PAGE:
December 29, 2021 at 8:44 pm #945showrevivalsKeymaster::Upvote TopicUp0
What an amazing pilot to introduce us to the series! The first two minutes showcases the Hindenburg, foreshadowing the team’s first destination in history. Time travel is always a complex issue that brings along it’s own set of paradoxical dilemmas. Establishing how time travel does and doesn’t work in this universe clues us in as to what’s possible. It’s addressed fairly early on when the team arrives in 1937.
Wyatt: “Okay, just one thing that I don’t get. Apparently, this time machine works. So why don’t we just go back five minutes before Flynn stormed in and then shoot him in the face?”
Rufus: “You can’t go back to any time where you already exist, where you might meet a double of yourself. It is bad for the fabric of reality.”
This is re-emphasized towards the end of the episode.
Connor: “Rufus, where’s Flynn now?”
Rufus: “Uh, the ‘Lifeboat’s’ CPU says that he’s back in present day, but who knows where.”
Wyatt: “And so we can’t go back to ’37? Give it another shot?”
Rufus: “No. Remember, we can’t double-back to any place where we meet ourselves. There are no do-overs.”
The characters are fleshed out pretty decently and we even witness some character growth. We can deduce that Lucy ideally wants to preserve history as is, avoiding the butterfly effect and such. Whereas Wyatt contrasts her with a more realist view; that sometimes things don’t always go the way you plan and you have to make the best of the circumstances.
Lucy: “You shouldn’t have brought that gun.”
Wyatt: “Oh, the one I saved your ass with?”
Lucy: “We are surrounded by Nazis. What if one of them takes your future gun to Berlin?”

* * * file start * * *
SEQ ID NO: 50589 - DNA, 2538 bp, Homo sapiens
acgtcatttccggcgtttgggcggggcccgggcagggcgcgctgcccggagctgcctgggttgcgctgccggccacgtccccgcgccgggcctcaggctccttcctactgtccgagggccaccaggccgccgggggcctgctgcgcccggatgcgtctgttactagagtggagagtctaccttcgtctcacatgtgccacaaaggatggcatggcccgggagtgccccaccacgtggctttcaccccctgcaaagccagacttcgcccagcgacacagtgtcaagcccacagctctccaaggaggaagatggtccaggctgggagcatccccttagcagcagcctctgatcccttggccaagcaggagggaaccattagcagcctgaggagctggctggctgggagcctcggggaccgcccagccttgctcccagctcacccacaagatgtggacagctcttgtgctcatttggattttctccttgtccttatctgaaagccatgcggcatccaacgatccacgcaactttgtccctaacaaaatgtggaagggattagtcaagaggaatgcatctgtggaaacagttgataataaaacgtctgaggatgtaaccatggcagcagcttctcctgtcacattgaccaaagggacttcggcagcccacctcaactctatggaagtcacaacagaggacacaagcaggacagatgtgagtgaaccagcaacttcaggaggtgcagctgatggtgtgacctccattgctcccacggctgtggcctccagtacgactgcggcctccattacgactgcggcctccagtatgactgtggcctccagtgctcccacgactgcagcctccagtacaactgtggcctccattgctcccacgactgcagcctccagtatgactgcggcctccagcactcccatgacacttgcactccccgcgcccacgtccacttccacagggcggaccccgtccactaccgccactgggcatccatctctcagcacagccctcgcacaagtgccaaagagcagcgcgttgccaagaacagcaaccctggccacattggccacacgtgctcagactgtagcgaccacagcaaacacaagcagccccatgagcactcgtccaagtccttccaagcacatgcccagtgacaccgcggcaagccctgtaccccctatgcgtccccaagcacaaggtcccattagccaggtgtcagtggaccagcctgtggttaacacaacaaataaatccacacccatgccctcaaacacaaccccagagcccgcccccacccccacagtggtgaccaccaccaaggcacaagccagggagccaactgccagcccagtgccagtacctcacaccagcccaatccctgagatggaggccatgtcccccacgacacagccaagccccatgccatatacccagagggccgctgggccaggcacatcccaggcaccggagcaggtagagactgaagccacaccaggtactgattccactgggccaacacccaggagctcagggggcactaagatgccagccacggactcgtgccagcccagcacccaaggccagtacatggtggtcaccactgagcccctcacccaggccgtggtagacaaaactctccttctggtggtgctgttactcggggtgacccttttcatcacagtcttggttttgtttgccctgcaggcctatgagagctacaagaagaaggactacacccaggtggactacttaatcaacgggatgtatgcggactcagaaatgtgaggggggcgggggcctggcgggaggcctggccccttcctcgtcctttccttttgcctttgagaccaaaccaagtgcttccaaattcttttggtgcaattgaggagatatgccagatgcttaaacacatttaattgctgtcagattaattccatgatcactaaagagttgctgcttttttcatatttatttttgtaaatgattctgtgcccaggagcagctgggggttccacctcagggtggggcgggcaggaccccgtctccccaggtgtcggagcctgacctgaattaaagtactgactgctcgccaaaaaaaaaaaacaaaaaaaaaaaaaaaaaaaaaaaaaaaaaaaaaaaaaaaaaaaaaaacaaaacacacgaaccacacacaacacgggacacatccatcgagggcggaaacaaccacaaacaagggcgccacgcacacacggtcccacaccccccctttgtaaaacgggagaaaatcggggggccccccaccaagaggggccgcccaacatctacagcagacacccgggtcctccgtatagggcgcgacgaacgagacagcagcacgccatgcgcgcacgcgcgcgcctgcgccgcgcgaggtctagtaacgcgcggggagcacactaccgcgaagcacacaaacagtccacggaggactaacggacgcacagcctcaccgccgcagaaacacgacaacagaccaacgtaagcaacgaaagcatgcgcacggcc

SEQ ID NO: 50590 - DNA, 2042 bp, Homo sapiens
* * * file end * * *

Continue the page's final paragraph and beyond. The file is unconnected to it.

Wyatt: “Sometimes things get messy.”
Lucy: “It is my job to make sure there is no mess.”
Wyatt: “There’s always a mess. That’s the deal. So now we make it up as we go. And I take out Flynn. Which, by the way, might require the use of a damn gun.”
Once aboard the Hindenburg, we start to see Lucy come around as she realizes the gravity of the situation; that there’s no keeping history intact as it was.
Wyatt: “Hey, I need you to ground the ship and get the people off.”
Rufus: “How do we do that?”
Lucy: “We make it up as we go.”
The highlight of the episode is honestly Rufus’ powerful speech against racism when the team finds themselves in jail.
Rufus: “Uh…ahem. Excuse me, can I get a glass of water, please, sir?”
Officer: “Swallow your spit, boy.”
Rufus: “I’m not a boy, actually.”
Officer: “Excuse me?”
Rufus: “You have eyes, right? You can tell I’m not a child, and I am definitely not your son, so don’t call me “boy.”
Officer: “I’m not sure you realize where you are, boy.”
Rufus: “Actually, I do. I’m in the damn Stone Age, but, man, I hope you live a long, long life. Long enough to see Michael Jordan dunk, Michael Jackson dance, Mike Tyson punch, really, just any black guy named Michael. OJ? Yeah, he gets off. He did it, but we don’t care. And Obama, he’s the president. 2008. That’s gonna suck for you! I hope you see it all. Because the future is not on your side, boy.”
Although it was meant to show that segregation and blatant racism was no longer an issue, there was also a subtext about the racism in America today (and 2016), albeit, not as apparent. That’s what makes this pilot so good. The message resonates with the viewers.
Overall, Hindenburg as an episode, especially the pilot was a great choice. Over the short allotment of time, it was able to establish the rules of time travel, give insight into the main characters, show some character growth, teach a bit of detailed history that people otherwise don’t know about beyond the fact that it happened, and balanced out the seriousness with some comedic remarks. Glad to see that Rufus had some character development himself and asked Jiya out to dinner. All it took was having a time machine hijacked, their lives in danger, and having to go back in time dealing with Nazis. Good job Rufus!
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